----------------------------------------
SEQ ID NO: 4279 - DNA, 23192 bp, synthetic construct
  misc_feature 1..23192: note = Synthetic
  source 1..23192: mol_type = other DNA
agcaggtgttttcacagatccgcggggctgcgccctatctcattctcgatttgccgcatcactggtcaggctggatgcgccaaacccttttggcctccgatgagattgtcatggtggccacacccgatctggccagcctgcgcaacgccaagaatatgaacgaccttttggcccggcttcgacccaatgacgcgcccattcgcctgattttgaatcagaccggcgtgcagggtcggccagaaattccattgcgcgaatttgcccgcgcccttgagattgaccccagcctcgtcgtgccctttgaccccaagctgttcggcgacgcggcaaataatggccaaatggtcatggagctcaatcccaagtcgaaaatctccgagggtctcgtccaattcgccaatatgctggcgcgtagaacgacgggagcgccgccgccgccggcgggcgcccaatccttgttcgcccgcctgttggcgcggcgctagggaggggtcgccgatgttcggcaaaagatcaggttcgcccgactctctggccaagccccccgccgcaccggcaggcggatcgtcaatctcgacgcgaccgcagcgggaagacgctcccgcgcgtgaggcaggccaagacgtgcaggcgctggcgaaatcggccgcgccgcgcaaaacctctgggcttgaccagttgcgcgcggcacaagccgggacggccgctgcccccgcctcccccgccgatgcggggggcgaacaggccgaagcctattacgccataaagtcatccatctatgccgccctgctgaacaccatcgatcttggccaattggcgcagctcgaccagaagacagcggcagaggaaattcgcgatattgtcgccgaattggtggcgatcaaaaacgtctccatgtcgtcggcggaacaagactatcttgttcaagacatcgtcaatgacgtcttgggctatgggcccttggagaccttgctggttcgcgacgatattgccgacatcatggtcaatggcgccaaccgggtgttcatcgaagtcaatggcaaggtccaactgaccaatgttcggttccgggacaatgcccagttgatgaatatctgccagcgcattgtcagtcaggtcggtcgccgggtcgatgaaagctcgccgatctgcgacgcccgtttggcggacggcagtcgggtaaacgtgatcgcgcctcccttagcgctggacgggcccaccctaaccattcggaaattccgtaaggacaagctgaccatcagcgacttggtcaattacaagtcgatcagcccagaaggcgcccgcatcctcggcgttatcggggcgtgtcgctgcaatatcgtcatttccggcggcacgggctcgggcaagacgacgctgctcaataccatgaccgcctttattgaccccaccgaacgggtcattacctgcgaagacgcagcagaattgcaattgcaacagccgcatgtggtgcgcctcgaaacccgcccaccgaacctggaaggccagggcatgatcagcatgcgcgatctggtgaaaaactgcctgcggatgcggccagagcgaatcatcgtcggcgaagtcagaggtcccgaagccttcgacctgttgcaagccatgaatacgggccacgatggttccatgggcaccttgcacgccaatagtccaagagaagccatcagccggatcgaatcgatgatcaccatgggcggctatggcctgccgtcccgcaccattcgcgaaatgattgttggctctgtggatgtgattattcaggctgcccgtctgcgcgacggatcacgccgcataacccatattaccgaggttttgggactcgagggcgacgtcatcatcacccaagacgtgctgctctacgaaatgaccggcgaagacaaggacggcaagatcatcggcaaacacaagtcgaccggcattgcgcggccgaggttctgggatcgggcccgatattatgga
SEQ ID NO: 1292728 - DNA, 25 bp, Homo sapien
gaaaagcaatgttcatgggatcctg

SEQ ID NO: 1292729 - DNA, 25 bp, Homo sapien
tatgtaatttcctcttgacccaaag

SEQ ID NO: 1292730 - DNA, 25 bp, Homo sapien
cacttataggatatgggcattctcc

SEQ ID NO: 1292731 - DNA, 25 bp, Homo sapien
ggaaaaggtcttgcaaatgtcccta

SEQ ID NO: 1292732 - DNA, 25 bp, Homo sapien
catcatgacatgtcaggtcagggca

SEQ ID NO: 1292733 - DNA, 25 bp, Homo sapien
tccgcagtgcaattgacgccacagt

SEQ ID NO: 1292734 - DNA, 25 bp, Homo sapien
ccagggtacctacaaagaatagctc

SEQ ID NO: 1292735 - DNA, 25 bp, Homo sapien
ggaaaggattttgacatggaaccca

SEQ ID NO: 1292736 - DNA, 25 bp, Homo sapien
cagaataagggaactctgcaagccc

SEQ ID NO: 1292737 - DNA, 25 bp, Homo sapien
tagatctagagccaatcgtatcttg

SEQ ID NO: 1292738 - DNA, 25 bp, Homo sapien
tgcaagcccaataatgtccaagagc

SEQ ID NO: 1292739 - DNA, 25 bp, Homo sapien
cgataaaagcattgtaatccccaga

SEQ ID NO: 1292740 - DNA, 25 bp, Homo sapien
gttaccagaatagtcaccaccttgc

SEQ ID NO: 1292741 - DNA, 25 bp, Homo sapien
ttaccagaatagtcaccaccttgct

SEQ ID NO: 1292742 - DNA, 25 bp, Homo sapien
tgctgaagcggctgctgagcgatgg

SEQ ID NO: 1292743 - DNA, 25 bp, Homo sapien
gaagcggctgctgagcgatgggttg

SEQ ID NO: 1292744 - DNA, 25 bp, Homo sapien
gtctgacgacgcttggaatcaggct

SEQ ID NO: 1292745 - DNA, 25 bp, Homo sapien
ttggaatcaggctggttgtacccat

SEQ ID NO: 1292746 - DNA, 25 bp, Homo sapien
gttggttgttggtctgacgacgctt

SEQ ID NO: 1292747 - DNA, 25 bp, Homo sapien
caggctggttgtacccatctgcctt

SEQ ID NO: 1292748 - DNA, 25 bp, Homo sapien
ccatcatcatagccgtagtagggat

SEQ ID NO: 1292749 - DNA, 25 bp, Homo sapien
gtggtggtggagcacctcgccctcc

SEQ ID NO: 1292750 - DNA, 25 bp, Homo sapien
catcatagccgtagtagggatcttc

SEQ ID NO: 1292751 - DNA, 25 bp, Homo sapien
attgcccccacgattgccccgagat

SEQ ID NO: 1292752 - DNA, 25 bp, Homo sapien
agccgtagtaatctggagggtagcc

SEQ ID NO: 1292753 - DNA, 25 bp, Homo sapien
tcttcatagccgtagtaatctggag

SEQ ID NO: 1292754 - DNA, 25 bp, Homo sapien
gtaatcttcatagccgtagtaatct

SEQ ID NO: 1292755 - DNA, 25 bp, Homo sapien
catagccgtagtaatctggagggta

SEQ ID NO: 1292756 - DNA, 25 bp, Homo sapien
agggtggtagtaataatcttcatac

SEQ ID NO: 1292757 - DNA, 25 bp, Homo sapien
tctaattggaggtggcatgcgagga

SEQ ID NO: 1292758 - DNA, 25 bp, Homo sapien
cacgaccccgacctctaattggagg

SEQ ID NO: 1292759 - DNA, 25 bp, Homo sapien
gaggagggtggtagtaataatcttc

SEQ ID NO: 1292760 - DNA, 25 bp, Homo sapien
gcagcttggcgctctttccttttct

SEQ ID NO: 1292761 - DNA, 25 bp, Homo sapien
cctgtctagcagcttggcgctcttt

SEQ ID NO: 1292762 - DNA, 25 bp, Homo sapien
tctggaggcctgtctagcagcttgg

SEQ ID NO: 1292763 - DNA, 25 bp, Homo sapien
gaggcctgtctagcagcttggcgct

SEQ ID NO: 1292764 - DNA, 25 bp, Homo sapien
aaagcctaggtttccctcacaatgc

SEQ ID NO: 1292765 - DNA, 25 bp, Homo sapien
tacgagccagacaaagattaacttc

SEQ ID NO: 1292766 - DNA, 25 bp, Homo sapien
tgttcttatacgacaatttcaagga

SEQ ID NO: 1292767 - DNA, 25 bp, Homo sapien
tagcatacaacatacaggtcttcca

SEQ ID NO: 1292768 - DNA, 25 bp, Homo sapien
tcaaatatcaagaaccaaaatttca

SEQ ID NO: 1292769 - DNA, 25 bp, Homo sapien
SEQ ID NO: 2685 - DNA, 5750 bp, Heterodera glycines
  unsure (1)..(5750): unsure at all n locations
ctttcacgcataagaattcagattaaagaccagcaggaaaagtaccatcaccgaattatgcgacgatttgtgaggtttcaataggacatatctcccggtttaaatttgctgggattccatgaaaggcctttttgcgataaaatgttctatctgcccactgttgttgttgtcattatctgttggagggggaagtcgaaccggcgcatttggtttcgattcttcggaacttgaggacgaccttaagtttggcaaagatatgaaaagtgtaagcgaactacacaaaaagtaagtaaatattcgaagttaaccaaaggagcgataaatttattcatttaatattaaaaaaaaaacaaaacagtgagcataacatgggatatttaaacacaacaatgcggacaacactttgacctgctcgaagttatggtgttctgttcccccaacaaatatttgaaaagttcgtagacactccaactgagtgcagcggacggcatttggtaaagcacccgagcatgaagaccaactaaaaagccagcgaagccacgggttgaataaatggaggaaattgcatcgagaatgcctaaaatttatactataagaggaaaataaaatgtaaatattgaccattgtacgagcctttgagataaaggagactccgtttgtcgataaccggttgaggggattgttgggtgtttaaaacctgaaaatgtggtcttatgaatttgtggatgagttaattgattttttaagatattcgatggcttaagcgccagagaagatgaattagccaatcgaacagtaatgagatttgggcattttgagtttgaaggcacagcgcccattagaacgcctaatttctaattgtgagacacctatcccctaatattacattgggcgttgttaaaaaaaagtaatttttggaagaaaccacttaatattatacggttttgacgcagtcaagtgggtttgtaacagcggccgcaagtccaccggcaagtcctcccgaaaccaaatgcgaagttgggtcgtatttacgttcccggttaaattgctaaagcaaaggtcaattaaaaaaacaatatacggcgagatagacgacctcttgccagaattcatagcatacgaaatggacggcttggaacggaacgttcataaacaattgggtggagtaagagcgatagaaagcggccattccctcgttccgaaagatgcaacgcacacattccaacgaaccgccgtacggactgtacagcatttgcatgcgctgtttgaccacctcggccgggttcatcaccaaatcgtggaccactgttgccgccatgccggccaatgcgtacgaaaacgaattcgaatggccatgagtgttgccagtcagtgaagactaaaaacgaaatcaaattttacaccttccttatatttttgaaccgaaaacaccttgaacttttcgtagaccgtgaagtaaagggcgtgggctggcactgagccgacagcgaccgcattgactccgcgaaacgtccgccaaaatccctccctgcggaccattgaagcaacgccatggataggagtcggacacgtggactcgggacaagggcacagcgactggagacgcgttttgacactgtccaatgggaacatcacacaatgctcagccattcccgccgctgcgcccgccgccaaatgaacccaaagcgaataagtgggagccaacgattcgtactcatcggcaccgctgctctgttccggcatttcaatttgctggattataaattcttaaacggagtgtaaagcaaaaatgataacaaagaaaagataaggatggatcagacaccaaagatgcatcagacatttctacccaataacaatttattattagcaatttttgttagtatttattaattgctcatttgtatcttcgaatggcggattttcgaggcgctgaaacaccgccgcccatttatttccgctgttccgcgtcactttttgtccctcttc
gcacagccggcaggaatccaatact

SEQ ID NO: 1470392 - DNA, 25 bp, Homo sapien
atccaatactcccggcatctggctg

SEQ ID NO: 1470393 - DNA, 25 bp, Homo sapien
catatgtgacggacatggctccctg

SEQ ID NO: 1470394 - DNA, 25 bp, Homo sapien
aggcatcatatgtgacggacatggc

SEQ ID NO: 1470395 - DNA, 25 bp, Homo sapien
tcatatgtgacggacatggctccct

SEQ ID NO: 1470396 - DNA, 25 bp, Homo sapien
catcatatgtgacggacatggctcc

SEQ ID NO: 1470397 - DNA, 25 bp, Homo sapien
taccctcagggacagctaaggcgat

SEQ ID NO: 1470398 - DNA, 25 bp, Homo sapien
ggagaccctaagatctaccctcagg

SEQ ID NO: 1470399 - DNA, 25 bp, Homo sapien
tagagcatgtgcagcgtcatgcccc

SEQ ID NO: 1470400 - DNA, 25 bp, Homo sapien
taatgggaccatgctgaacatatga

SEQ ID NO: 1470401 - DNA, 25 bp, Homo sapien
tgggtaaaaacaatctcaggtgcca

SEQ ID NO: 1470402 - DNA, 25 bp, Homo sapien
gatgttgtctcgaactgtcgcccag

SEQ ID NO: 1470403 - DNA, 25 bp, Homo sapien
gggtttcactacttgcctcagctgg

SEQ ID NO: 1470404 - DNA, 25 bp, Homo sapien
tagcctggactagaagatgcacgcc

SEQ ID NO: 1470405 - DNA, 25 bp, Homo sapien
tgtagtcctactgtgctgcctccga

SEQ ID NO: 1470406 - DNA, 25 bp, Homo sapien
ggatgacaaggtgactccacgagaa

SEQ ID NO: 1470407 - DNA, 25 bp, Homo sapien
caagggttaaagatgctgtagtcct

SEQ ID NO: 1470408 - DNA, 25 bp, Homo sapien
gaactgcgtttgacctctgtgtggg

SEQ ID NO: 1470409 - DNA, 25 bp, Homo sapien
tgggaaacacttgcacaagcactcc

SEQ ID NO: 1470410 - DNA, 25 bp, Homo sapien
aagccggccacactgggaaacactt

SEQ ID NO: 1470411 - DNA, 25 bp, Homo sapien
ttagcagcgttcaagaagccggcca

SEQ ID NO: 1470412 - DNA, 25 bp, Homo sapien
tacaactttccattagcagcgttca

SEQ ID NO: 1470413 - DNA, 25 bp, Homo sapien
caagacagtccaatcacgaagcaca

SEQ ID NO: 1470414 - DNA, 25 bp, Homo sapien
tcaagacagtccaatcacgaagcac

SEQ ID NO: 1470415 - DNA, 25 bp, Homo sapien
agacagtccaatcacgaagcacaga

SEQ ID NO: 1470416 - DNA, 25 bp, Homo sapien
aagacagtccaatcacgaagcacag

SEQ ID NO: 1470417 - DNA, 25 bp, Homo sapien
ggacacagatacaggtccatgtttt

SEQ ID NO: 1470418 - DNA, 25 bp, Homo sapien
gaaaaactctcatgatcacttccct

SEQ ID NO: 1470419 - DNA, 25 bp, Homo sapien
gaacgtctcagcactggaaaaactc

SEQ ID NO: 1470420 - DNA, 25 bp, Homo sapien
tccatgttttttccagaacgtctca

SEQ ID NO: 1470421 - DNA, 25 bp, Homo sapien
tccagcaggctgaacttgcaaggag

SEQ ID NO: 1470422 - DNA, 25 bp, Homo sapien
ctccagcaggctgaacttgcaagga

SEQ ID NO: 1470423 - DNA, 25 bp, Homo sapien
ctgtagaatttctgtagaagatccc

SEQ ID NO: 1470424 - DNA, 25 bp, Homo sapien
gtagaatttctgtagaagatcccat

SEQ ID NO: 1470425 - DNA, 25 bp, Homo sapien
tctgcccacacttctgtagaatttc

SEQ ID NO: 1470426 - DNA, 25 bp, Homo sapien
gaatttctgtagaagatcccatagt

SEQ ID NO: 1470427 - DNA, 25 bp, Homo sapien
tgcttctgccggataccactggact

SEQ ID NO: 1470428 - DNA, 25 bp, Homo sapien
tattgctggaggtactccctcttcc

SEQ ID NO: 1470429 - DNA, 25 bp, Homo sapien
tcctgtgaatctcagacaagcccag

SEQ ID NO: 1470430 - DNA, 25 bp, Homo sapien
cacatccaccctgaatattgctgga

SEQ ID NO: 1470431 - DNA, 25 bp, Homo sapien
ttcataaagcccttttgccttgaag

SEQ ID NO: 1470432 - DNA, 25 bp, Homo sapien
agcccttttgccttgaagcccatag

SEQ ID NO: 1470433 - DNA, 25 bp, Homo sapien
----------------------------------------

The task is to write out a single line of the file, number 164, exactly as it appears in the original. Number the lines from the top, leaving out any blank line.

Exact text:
SEQ ID NO: 1470428 - DNA, 25 bp, Homo sapien